MFL Executive Council Report (Sept. 2012)

 

Report of the Regional Executive Vice-President, Prairies to the Manitoba Federation of Labour Executive Council submitted for the September 27-28, 2012 meeting. This report covers the period from the last MFL meeting.


Marianne Hladun, Regional Executive Vice-President
Public Service Alliance of Canada, Prairie Region
Report to the Manitoba Federation of Labour, September 2012

It’s been a busy summer with events happening throughout the Prairie Region to highlight PSAC’s “We Are All Affected” campaign. Our September 15, National Day of Action was meant to show that we are ALL affected, in our communities, workplaces and families, by the cuts to federal services and jobs imposed by the Harper government.  Community members and organizations attended these events and voiced their concerns about the ongoing cuts, their support for PSAC members, and their offer to help us in our fight.  I want to thank the Sisters and Brothers who attended our Winnipeg event at Memorial Park and stood together with us in solidarity.

Earlier this summer, Treasury Board President Tony Clement made an appearance in Brandon where several PSAC members handed him and Merv Tweed, Conservative MP for Brandon-Souris, their “Affected” letters.  Members also discussed their concerns regarding EI services leaving Manitoba and the issue of closing the Community Pastures Program in Manitoba and Saskatchewan.

We also have a parallel ongoing campaign titled “Stephen Harper Hates Me.” The relentless attacks on vital public services have upset Canadians, including our members, and prompted “Stephen Harper Hates Me” buttons, a member-initiated action. The buttons echo the frustration and anger our members and the public feels toward the policies implemented by this government.

This campaign has spread like wildfire across the country and prompted buttons, stickers, t-shirts and even a banner, which was flown across Quebec and above Parliament Hill in Ottawa before being ordered to land by the RCMP. As you can imagine, our members and the public were outraged by this blatant disregard for freedom of speech, but it didn’t hamper our efforts. We will continue to wear our buttons proudly and send a message that Stephen Harper is unconcerned with the well being of Canadians.

From one anti-worker government to another, the Saskatchewan Party is in the middle of a comprehensive review of the current provincial labour legislation in Saskatchewan. PSAC, along with the Saskatchewan Federation of Labour and other unions throughout Saskatchewan, considers this “consultation” process to be constitutionally deficient because it does not comply with the decision of Justice Ball and does not constitute meaningful consultation. We believe that the entire process fails to comply with Canada’s Charter of Rights and Freedoms. We submitted a position paper of our own outlining our thoughts on the legislation and the improvements that could be made.

I raise this because if the reports are true, we can expect a new political party on the ballot for the 2015 Manitoba provincial election. The Manitoba Party is said to be modeled after the Saskatchewan Party. Coming from Saskatchewan, I’ve seen the damage Brad Wall and the Saskatchewan Party have done to labour rights in that province. The scariest part is that he continues to get re-elected and remains one of the most popular Premier’s in the country. If the Manitoba Party is following in his footsteps, we must be ready to mobilize our members to take them on full force so they don’t succeed in Manitoba.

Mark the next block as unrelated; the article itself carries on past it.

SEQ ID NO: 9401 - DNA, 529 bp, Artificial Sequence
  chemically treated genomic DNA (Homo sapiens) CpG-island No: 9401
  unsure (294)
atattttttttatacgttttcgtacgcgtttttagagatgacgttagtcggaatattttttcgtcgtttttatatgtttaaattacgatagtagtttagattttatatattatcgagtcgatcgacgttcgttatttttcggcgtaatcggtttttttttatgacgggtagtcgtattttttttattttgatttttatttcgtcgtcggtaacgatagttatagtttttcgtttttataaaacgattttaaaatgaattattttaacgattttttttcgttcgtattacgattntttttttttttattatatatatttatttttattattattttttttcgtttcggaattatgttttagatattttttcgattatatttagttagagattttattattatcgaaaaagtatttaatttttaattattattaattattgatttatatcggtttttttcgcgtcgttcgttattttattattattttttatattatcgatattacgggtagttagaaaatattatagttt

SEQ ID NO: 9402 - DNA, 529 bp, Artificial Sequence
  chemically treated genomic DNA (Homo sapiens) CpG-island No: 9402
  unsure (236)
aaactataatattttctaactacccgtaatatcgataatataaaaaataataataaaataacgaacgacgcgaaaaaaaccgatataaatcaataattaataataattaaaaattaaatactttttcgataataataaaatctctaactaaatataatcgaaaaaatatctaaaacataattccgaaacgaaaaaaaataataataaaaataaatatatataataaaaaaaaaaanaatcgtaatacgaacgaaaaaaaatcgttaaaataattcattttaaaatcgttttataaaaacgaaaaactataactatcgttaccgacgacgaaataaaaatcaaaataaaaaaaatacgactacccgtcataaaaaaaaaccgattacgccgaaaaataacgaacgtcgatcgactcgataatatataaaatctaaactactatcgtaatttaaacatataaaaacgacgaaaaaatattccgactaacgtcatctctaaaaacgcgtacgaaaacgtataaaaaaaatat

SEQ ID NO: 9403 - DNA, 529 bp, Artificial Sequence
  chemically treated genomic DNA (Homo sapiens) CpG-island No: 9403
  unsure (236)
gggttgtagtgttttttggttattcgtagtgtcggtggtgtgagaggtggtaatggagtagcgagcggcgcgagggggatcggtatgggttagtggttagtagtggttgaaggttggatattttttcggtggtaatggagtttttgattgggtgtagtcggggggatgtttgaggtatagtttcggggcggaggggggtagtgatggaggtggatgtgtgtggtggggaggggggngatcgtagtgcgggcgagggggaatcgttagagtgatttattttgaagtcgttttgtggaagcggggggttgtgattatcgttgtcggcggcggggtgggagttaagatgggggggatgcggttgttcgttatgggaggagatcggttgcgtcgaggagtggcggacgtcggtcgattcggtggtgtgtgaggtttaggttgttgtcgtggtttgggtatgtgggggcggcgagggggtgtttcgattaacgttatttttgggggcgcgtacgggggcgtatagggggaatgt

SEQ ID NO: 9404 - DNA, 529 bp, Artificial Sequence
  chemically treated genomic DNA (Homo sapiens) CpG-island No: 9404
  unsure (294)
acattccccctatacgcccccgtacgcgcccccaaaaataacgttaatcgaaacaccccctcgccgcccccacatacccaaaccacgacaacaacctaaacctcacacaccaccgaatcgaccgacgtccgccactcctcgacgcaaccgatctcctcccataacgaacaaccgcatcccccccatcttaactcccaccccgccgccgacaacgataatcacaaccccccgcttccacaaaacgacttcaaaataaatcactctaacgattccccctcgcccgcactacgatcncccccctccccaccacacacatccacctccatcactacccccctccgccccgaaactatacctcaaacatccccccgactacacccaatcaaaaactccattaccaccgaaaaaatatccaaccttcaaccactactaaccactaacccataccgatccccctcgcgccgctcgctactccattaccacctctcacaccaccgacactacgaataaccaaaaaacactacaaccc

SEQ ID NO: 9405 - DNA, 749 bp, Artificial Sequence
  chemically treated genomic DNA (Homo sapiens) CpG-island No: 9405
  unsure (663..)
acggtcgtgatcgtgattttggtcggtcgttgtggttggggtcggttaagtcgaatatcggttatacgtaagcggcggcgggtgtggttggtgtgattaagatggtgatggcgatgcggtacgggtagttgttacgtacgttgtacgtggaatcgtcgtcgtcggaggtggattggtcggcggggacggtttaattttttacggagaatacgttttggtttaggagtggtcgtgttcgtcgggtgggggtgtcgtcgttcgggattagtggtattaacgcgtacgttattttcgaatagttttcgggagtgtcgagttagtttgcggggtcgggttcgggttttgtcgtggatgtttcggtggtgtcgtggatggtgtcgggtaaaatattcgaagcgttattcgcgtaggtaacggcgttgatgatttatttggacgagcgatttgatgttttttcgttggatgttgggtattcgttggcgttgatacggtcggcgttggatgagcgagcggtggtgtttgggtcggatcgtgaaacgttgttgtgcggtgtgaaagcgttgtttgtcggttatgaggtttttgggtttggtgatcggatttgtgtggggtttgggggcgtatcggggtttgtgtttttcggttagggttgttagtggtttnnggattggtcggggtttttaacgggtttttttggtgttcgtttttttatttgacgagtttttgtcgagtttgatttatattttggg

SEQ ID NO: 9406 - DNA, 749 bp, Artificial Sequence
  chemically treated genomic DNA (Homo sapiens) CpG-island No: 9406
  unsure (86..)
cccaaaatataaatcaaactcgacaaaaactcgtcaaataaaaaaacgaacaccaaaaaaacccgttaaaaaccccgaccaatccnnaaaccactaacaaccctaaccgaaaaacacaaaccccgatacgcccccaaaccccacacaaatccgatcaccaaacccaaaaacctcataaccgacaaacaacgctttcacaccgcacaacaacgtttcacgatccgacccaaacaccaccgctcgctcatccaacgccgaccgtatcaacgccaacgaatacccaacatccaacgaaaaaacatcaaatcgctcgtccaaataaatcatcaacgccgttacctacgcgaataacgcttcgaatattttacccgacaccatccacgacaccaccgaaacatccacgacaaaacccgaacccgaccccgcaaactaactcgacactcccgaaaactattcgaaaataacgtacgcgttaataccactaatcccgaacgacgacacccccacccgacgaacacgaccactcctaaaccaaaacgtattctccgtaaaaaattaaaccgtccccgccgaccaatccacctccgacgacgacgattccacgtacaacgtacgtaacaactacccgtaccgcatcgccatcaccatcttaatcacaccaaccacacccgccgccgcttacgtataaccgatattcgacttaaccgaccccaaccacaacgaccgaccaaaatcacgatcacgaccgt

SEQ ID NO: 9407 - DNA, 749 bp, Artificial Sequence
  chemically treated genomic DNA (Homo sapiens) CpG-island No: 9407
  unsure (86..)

In case you missed it in the Winnipeg Free Press, my letter to the editor lambasting the one-sided opinion piece by the Canadian Taxpayers Federation’s Prairie Director Colin Craig was published on Sept. 7, 2012. Mr. Craig reasoned that the best way to align the private sector’s benefits with the collectively bargained and hard-fought for benefits that public service employees receive was to stop adding new employees to defined-benefit pension plans and, instead, choose defined-contribution plans; bring wages down to levels that people outside of government receive for doing similar work; and scale back sick leave benefits to the average provided in the private sector. Needless to say, I took him to task in my response.

Earlier this month, I was happy to attend the EI forum organized by Sister Kelly Moist and CUPE Manitoba. PSAC member Susan Norman spoke to the cuts to EI and how that is affecting services that Canadians depend on. I enjoyed the event and look forward to more opportunities like this to gather as a community and discuss our concerns.  The federal government is determined to not only decimate the federal public service but to also break the labour movement by introducing various government and private member bills to erode workers’ rights such as proposing to eliminate the RAND Formula.  We welcome any opportunity to work together with MFL affiliates to push back on such attacks and tell all levels of government to back off.

Finally, we are proud to welcome employees of the Centre for Aboriginal Human Resource Development (CAHRD) to the PSAC. Following a challenging organizing drive, an application was filed on June 14, 2012, with considerable support from CAHRD employees. More than half of the employees had signed a PSAC membership card and 65 per cent agreed to union representation in a vote on June 25, 2012. The Manitoba Labour Board certified the unit on September 14, 2012. The nearly 100 workers, ranging from employment counselors to childcare workers and teachers, join the nearly 20 other First Nations employers and bargaining units represented by PSAC.

Respectfully submitted,

Marianne Hladun,
Regional Executive Vice-President
Public Service Alliance of Canada, Prairies